Anything but Zen


I have finished my last medical appointments for the year! Hurrah!

Last week I had my dentist and my rheumatologist.

I adore my dentist and dental hygienist. Everyone at that surgery is so nice. (I bought them some homemade mince pies to say thanks for making a visit to the dentist always something to look forward to: that’s how nice they are!)

I am a huge fan of dental health and flossing *. Consequently my teeth are pretty good on the no-plaque avoiding-cavities level. Yay, me!



Me (artist’s impression)

Regrettably, though, my bargain-bin immune system affects all aspects of my life and my dental health is no exception.

I have quite the bruxis (tooth-grinding) problem. My poor teeth clearly show the results of thirty years of gritting through chronic pain. And so does my jaw. Don’t ignore pain, folks! Never ‘push through’. Or you too will end up with a clicky, gappy jaw that constantly unhinges itself and makes chewing impossible, as well as worn, faceted, cracking teeth. And TMJ pain, headaches, dizziness, neck pain blah blah …

I tend to grit mostly during the day, which makes it a bit pointless getting a preventive night guard. There is only one solution. To be blunt, I need to keep my pain and stress under control, if I want to keep my teeth.


Me (artist’s impression)

On top of that, there is my body’s tendency towards spontaneous and random inflammation. My gums and mouth sometimes just get horribly inflamed for no obvious reason. I think for a while I really freaked my poor dentist until she registered there was an autoimmune situation going on. (She still says things like, ‘Hey, remember that time you had that weird, random inflammation and freaked us all out?’ Poor love.)

And add to that my hyper-excitable nerves, so I have very sensitive teeth. Hurrah!

I got a lovely old-fashioned hand-clean of my teeth (they’re far too sensitive for the usual newfangled equipment) and my latest x-rays checked, congratulated for having extra-long roots to my teeth **, and sent off with a serious exhortation: ‘AVOID STRESS AND PAIN’.

Okay then. I mean, hard to achieve, but okay.

Then I saw my rheumatologist. Last time I saw him, my blood tests showed my rheumatoid factor was pretty high. This was before I took time off work.

This time all my blood test results were great. My rheumatologist was pleased with my progress, and was inclined to attribute it to less stress in my life.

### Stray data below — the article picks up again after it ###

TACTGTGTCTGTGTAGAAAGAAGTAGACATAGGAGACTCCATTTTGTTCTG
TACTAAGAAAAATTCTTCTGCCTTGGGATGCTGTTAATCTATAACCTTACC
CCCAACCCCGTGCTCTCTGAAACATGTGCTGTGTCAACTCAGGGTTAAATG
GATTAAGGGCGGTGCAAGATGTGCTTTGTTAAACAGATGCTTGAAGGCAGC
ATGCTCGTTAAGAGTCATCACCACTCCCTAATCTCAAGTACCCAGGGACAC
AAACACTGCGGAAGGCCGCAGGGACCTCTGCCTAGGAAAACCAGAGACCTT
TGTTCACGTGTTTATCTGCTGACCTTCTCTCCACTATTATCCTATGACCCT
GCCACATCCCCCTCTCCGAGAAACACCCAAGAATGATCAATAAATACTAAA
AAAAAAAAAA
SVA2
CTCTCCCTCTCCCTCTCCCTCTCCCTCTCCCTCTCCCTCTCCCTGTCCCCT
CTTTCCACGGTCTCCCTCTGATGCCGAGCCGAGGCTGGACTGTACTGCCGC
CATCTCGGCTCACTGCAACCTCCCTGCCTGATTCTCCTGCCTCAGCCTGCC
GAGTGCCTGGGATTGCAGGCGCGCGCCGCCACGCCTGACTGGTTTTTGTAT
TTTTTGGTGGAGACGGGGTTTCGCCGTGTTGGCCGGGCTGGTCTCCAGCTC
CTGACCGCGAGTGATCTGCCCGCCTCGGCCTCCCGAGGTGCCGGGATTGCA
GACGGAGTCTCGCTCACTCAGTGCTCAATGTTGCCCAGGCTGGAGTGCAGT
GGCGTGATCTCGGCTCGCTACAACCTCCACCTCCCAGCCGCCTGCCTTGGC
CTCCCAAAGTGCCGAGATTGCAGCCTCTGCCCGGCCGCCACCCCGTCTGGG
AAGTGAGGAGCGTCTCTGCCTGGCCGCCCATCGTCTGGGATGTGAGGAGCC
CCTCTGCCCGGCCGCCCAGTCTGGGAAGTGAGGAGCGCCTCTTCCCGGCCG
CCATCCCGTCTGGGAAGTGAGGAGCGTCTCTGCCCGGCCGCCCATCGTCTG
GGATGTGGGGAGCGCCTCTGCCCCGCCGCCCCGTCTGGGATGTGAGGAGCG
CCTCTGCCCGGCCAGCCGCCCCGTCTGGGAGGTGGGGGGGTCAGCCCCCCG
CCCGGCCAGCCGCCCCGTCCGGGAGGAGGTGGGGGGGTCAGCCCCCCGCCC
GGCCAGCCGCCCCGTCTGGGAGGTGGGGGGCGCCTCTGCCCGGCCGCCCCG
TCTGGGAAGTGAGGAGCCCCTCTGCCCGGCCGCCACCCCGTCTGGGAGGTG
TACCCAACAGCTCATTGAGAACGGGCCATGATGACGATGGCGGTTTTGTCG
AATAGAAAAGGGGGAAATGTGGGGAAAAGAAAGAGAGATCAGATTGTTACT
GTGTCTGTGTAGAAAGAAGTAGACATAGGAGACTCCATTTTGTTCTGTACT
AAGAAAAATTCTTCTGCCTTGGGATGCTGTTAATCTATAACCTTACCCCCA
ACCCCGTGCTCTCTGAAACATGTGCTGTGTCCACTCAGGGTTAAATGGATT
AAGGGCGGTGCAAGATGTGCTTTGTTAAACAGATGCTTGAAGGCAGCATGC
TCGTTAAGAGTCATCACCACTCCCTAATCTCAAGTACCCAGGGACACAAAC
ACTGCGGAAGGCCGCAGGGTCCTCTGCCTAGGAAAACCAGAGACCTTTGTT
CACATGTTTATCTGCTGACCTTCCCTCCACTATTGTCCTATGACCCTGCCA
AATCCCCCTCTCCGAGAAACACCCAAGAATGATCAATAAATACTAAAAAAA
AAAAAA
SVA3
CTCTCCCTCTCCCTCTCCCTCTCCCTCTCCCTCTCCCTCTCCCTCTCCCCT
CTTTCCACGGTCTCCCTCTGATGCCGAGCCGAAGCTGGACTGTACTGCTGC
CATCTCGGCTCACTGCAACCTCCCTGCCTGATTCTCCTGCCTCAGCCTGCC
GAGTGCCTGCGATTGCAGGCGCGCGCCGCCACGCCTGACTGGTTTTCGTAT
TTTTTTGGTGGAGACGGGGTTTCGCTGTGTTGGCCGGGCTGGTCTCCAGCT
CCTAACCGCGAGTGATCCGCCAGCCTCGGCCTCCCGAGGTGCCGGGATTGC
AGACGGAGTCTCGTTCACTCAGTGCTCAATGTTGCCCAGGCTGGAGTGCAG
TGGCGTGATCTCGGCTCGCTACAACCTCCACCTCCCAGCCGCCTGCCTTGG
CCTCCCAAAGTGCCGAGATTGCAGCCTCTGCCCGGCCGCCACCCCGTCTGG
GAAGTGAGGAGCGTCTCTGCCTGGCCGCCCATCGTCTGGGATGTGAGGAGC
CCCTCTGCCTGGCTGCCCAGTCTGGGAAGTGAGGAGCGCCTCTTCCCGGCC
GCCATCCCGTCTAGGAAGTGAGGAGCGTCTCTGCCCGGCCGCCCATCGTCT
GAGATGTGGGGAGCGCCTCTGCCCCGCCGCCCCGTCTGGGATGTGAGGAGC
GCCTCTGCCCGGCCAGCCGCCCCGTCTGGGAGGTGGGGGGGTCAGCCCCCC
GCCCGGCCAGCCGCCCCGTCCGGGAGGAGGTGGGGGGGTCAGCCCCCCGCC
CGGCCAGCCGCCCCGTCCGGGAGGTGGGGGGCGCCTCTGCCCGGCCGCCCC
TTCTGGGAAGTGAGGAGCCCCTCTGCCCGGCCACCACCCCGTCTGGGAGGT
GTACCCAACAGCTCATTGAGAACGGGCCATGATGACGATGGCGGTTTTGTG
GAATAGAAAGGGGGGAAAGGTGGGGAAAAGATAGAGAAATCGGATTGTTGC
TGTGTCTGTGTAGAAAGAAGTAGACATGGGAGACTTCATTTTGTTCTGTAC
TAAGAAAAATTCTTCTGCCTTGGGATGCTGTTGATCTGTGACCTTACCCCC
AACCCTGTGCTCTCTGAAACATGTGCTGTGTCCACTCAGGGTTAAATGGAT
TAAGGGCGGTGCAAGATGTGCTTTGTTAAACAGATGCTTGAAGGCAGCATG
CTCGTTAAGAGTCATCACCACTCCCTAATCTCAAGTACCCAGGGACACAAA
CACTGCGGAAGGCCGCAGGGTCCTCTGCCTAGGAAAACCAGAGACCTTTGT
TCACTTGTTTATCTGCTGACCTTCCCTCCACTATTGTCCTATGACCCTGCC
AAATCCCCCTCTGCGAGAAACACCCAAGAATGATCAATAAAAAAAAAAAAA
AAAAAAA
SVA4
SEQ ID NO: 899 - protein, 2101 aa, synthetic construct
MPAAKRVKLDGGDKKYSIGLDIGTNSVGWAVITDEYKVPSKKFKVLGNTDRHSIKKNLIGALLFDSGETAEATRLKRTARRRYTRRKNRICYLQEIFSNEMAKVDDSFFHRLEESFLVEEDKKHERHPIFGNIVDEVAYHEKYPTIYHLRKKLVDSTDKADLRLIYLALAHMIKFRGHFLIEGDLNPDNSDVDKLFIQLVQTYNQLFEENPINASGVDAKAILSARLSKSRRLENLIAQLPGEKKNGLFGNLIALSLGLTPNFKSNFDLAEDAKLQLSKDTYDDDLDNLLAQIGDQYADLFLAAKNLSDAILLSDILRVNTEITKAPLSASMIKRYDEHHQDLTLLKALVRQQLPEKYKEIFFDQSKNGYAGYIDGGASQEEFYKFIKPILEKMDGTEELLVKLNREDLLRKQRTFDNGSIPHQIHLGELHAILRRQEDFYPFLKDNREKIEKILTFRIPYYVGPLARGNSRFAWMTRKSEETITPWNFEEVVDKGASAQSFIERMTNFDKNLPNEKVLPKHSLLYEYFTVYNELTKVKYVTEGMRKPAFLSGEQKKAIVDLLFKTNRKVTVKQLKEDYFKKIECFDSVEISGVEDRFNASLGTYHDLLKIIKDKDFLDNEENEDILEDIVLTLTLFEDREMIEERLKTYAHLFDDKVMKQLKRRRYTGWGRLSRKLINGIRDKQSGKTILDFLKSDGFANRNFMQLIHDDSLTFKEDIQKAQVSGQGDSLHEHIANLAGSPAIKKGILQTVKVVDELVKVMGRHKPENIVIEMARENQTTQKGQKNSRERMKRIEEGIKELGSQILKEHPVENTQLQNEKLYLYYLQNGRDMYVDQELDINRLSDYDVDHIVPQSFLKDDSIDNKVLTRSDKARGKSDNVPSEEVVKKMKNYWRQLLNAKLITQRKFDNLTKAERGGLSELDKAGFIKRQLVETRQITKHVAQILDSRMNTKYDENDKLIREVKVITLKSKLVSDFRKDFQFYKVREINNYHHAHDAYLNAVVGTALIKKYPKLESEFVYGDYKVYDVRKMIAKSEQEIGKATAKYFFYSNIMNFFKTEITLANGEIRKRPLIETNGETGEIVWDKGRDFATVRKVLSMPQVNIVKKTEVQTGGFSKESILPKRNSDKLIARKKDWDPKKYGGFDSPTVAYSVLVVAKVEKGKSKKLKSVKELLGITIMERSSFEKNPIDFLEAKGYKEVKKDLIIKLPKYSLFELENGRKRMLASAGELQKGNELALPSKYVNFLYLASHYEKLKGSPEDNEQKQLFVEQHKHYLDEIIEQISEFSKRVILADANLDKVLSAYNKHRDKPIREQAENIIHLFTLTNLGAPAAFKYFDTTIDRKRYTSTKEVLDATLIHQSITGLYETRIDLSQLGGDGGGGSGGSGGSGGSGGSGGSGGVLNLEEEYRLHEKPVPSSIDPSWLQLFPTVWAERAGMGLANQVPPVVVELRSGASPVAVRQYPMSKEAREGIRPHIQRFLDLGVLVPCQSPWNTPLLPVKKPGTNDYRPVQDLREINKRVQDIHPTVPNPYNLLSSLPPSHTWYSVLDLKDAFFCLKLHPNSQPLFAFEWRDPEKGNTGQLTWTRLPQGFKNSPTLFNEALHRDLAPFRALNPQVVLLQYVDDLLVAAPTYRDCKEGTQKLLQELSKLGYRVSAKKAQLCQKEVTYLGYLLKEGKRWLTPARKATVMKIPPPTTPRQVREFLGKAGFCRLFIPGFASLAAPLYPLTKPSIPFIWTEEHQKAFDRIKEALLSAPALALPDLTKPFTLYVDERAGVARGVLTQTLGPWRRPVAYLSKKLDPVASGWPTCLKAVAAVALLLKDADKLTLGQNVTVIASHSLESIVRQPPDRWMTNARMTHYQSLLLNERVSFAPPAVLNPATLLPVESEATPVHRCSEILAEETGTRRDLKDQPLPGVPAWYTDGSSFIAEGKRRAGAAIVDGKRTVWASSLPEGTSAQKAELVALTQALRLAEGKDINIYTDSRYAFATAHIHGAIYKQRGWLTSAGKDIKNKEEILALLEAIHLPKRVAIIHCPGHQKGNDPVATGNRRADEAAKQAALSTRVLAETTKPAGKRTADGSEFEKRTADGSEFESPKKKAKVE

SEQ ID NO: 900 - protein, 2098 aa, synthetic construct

He knows me well and understands my tendency to disguise outward signs of pain and stress – so they come out instead in the form of more pain. He also knows about my boom-or-bust personality, and the drive that leads me to push through fatigue and pain, like a stubborn, grumpy bear.

As usual he reminded me that there is more to life than working. I know!

He also checked in to make sure I was eating plenty of seafood ***, reminded me to get enough iron, and sent me off with a serious exhortation: ‘AVOID STRESS AND PAIN’.



Me (artist’s impression)

So that makes it official: every single health provider I have (and I have a decent collection) has told me in no uncertain terms that I must keep my stress levels down in future or face various dire consequences.

Looking past the obvious irony of that coming from a series of overworked medics: seriously? Do you know anyone who lives a low-stress lifestyle? Even my yoga teacher admits to being a stress-bunny.

Show me a modern adult without stress and I’ll show you a dead person.

I’m not convinced it’s possible to achieve a zen calm without unpleasant pharmaceutical assistance (and that’s not happening).

To add to the unlikeliness of becoming this chimera, an ‘unstressed human’, I seem to have developed a new and exciting way to express my utter uncoolness. My normal human background level of misanthropy, especially when it comes to doing horrible things like shopping, has started to get a bit out of control.

Example: my friend K can’t accompany me to the fresh food markets at the moment. Last time I made sure I got there nice and early, so I could easily find a park then do the shopping by myself in relative ease.